A magnitude 6.7 earthquake struck off the coast of Taiwan early on March 23, rattling buildings and rousing people from their sleep but with no immediate reports of injuries or major damage.
Taiwan is regularly hit by earthquakes, as the island lies near the junction of two tectonic plates.
Taiwan does not issue tsunami warnings unless a quake registers at more than magnitude 7.0.
The US Geological Survey (USGS) downgraded this temblor from an initial estimate of magnitude 6.9 down to 6.6, then back up to 6.7.
It also revised the depth from an initial 10 to 24 km.
The quake hit off Taiwan’s east coast but was felt over much of the island.
An AFP reporter felt her building shake a few minutes after 1:40am (1740 GMT) in Taipei’s Zhongshan district. Authorities-issued alerts sent people’s mobile phones blaring.
Local news channel TVBS reported that people in the eastern city of Hualien – which saw a deadly quake in 2018 – fled to the streets from a 12th floor building.
In Taiwan’s southern Kaohsiung city – the island’s third most populous – Mayor Chen Chi-mai posted on Facebook that the epicentre was in the sea off the coast of Hualien.
“So far there is no damage,” he said.
Twitter and Facebook lit up with people posting their reactions on being woken up by the quake, with some showing videos of their ceiling lamps swaying.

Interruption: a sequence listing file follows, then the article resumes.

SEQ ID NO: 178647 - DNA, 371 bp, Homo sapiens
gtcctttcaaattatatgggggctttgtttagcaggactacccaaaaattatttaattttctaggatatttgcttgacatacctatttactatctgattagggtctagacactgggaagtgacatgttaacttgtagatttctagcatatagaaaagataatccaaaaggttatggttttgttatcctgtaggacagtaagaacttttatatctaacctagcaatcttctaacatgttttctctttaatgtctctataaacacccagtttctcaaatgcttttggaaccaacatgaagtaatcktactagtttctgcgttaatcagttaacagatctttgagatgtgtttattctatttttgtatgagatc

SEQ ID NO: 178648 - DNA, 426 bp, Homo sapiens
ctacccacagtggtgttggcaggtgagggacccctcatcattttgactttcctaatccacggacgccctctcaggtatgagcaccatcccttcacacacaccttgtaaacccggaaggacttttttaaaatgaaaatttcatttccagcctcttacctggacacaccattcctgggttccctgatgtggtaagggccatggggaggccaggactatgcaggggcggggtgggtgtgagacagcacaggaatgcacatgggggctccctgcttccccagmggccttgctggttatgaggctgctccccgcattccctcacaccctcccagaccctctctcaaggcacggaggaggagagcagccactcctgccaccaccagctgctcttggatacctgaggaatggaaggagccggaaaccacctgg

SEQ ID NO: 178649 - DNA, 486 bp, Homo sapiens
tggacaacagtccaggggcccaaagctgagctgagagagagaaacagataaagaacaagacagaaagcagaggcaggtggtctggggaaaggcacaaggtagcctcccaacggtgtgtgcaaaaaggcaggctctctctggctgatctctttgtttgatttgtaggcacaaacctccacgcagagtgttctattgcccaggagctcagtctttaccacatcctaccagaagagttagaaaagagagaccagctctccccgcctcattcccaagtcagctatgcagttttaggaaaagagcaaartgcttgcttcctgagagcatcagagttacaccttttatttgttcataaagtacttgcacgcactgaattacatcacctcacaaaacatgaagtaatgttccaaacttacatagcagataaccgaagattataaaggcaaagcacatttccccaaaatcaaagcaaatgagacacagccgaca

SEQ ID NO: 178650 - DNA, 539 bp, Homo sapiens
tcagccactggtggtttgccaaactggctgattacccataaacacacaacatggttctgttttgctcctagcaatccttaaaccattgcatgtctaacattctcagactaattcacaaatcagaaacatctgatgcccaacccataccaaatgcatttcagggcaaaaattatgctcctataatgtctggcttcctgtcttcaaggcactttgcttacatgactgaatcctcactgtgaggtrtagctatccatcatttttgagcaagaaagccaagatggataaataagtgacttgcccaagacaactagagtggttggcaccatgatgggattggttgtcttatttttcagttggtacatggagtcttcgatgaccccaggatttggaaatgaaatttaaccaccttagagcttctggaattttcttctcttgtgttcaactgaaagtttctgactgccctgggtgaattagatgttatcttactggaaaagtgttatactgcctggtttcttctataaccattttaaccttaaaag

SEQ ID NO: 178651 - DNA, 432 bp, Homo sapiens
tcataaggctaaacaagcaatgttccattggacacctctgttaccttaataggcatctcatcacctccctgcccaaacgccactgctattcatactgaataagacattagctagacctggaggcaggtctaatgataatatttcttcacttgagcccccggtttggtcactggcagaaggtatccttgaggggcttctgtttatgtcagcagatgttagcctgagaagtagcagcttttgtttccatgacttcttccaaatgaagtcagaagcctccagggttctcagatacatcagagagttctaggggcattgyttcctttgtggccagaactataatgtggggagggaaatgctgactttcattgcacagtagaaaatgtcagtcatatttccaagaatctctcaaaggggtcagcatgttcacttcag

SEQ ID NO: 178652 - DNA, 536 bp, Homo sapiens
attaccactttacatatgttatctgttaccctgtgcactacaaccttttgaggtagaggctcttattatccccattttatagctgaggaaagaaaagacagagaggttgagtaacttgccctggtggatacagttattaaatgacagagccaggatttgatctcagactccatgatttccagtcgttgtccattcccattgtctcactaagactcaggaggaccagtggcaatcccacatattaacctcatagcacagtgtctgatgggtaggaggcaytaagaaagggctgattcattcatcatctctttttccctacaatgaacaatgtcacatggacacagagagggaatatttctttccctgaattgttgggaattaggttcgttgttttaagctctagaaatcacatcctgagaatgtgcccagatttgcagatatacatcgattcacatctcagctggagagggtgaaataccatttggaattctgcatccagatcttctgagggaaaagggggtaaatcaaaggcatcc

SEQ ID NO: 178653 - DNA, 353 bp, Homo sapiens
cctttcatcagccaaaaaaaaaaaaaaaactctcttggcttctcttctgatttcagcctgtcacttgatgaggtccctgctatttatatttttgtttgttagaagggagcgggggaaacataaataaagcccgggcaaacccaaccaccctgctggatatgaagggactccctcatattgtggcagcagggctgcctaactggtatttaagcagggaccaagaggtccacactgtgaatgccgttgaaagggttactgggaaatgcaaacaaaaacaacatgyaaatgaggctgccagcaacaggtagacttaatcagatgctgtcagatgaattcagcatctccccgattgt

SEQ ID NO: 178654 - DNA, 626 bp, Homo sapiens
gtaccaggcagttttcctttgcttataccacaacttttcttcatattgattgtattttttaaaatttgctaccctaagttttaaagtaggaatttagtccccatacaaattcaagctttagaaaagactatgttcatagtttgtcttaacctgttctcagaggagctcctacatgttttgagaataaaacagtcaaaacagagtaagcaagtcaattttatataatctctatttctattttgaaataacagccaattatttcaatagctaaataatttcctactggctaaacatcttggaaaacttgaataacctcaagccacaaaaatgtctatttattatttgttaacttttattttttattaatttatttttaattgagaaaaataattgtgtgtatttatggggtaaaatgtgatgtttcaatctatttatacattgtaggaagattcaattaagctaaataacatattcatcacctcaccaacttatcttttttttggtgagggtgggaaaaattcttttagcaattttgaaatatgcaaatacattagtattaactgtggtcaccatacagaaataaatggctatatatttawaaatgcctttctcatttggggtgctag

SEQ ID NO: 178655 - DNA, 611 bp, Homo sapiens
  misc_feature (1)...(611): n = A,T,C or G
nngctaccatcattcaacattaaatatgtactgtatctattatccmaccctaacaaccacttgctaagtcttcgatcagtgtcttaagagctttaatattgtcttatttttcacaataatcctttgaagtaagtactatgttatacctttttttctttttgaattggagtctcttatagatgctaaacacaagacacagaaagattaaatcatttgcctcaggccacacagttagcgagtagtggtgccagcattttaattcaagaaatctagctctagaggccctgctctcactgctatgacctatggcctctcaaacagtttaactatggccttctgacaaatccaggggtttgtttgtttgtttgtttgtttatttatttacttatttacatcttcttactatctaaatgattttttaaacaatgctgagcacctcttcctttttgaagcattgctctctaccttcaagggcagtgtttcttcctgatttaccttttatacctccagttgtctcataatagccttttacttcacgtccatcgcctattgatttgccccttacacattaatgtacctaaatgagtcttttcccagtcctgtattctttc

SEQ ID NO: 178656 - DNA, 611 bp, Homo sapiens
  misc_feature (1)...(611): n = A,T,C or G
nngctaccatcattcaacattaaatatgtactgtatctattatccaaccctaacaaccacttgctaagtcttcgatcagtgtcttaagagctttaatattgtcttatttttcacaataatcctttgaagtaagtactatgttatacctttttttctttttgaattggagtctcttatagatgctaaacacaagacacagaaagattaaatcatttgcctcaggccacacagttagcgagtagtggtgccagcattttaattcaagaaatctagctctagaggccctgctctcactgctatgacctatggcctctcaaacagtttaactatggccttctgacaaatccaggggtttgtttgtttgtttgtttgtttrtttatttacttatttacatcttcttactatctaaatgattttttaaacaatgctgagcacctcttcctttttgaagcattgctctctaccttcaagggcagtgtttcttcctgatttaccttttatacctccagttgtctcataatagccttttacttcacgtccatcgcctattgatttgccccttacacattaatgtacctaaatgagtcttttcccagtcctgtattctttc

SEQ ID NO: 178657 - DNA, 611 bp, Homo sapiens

“The chandelier on my ceiling shook for more than three minutes and didn’t stop,” local reporter Chao Li wrote on Facebook.
“It’s shaking so much, it scares people to death,” he said in an accompanying video.
Hualien county officials said the quake had occurred near their city, which is usually a tourist draw with its beaches and scenic hikes.
“The quake was felt all over Taiwan,” the county said on its official Facebook page.
“Please do not panic if there are aftershocks and we urge the residents be prepared for disaster prevention,” it added.
Taiwan’s Central Weather Bureau said an initial quake of 5.4-magnitude had occurred at 1:06am.
It was followed by the magnitude 6.6 quake at 1:41am, and two minutes later came a 6.1-magnitude aftershock, the bureau reported.
Some earthquakes of 6.0 or more can prove deadly, although much depends on where the quake strikes and at what depth.
But the USGS gave a “green” ranking to the threat posed by the latest quake, predicting a low likelihood of either casualties or damage.
The last time Taiwan experienced a quake of a similar magnitude was in January, when a 6.2 quake hit its east coast. But there were no reports of widespread damage or injuries.
A 6.4-magnitude quake in 2018 hit Hualien, a scenic tourist hotspot, which left 17 people dead and 300 injured.